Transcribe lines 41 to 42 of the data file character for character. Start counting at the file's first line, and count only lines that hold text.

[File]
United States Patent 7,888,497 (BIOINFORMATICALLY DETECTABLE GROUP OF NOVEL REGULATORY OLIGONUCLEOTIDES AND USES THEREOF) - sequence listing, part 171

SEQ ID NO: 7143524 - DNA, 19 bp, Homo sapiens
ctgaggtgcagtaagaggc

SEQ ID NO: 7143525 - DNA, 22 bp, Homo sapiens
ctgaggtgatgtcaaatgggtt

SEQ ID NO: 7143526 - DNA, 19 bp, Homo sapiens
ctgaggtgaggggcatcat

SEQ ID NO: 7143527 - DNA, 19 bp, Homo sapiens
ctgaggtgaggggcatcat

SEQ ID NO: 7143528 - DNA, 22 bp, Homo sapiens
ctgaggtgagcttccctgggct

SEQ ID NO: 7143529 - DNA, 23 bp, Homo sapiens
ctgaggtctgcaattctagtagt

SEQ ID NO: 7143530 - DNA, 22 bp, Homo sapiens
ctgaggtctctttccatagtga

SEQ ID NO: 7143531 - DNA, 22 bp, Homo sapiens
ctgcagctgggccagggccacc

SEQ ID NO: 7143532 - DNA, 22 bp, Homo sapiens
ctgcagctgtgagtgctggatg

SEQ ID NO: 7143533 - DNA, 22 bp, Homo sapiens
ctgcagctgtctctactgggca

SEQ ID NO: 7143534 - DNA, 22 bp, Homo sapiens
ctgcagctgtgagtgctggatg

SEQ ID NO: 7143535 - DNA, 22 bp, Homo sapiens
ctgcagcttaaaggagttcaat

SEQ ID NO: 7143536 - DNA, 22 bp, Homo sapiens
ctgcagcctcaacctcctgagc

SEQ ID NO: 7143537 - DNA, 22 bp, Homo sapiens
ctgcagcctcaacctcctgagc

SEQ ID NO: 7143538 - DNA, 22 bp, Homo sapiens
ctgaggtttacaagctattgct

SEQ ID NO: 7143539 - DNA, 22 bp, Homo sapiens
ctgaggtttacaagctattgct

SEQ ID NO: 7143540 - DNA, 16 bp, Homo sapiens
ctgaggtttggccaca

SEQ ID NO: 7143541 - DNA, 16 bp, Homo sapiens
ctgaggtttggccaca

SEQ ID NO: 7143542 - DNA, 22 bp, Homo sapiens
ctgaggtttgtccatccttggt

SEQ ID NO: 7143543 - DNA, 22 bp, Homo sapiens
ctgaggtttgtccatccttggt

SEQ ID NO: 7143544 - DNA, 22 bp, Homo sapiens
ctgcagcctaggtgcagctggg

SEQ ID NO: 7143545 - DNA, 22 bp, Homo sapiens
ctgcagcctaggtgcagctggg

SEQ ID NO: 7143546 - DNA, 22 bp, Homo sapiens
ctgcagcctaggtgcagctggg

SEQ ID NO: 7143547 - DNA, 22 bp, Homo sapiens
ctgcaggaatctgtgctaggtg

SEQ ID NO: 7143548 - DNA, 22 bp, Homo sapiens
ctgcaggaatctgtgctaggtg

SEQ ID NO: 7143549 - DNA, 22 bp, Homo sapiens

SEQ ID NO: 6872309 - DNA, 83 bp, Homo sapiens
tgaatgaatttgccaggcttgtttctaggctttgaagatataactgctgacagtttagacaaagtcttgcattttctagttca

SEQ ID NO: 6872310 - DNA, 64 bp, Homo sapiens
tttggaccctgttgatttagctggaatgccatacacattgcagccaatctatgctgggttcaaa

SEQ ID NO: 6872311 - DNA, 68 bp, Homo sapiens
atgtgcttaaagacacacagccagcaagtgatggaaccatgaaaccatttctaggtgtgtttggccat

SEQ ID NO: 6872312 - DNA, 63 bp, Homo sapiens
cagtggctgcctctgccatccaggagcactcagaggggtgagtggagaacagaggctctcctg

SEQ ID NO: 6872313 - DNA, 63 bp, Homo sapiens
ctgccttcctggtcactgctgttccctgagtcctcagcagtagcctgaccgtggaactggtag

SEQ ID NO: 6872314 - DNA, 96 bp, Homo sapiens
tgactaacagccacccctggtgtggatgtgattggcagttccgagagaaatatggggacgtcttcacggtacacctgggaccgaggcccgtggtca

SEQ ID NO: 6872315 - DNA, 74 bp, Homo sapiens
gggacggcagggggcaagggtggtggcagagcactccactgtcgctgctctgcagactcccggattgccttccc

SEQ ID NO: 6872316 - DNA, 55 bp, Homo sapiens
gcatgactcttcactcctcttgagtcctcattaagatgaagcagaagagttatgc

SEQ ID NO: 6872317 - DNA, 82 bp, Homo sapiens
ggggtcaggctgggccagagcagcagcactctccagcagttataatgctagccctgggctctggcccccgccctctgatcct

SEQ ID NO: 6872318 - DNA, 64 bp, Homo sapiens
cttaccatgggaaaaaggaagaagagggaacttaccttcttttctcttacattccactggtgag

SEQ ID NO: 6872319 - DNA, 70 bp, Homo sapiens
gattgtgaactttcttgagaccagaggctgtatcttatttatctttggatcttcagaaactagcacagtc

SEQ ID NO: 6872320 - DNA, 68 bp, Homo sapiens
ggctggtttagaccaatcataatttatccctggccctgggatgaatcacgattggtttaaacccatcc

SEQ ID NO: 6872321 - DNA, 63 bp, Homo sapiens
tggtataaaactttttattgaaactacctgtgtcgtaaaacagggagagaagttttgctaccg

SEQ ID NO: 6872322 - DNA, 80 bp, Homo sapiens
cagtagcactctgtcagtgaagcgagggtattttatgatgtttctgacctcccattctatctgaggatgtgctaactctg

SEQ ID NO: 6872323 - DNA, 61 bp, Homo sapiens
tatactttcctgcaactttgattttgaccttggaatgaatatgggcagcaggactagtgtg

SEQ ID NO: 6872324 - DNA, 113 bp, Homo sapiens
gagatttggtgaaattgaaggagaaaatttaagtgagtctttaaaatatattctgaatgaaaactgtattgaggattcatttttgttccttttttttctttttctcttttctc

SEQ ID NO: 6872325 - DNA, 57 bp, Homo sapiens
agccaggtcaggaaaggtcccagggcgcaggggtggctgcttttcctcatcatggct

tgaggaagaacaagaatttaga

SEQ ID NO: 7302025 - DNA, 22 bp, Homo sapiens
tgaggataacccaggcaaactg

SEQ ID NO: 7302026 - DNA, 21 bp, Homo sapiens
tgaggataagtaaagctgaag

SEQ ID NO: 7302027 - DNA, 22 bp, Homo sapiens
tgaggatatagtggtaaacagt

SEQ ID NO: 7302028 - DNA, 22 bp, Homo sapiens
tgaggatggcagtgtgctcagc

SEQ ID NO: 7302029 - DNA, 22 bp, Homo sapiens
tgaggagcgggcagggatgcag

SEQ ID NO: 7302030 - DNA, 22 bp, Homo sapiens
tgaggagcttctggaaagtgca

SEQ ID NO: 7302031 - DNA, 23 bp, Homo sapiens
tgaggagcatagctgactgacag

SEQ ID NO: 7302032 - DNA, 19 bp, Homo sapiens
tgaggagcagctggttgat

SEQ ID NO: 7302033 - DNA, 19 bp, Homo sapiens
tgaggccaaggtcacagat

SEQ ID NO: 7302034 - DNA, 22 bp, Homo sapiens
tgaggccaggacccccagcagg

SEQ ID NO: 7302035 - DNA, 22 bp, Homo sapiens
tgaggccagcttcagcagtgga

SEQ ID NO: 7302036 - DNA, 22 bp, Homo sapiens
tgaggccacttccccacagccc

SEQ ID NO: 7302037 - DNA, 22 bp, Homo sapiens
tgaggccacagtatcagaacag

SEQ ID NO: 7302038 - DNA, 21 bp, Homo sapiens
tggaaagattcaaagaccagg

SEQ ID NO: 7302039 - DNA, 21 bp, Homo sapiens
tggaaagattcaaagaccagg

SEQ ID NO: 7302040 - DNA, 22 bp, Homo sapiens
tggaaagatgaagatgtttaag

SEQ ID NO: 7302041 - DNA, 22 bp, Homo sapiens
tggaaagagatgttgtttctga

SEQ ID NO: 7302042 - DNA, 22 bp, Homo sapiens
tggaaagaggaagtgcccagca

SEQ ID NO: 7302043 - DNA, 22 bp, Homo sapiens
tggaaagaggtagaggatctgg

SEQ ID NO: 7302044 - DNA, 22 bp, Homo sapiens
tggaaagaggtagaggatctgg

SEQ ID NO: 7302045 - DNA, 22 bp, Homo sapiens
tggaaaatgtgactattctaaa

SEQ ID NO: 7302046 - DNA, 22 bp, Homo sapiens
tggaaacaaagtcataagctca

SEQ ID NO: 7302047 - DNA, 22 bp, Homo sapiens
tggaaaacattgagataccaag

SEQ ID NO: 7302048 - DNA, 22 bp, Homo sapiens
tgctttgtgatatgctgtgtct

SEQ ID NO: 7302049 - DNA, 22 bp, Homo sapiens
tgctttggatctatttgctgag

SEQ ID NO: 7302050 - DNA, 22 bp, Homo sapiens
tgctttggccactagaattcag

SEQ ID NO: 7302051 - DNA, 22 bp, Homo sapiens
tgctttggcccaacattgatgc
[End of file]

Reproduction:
ctgaggtttgtccatccttggt

SEQ ID NO: 7143544 - DNA, 22 bp, Homo sapiens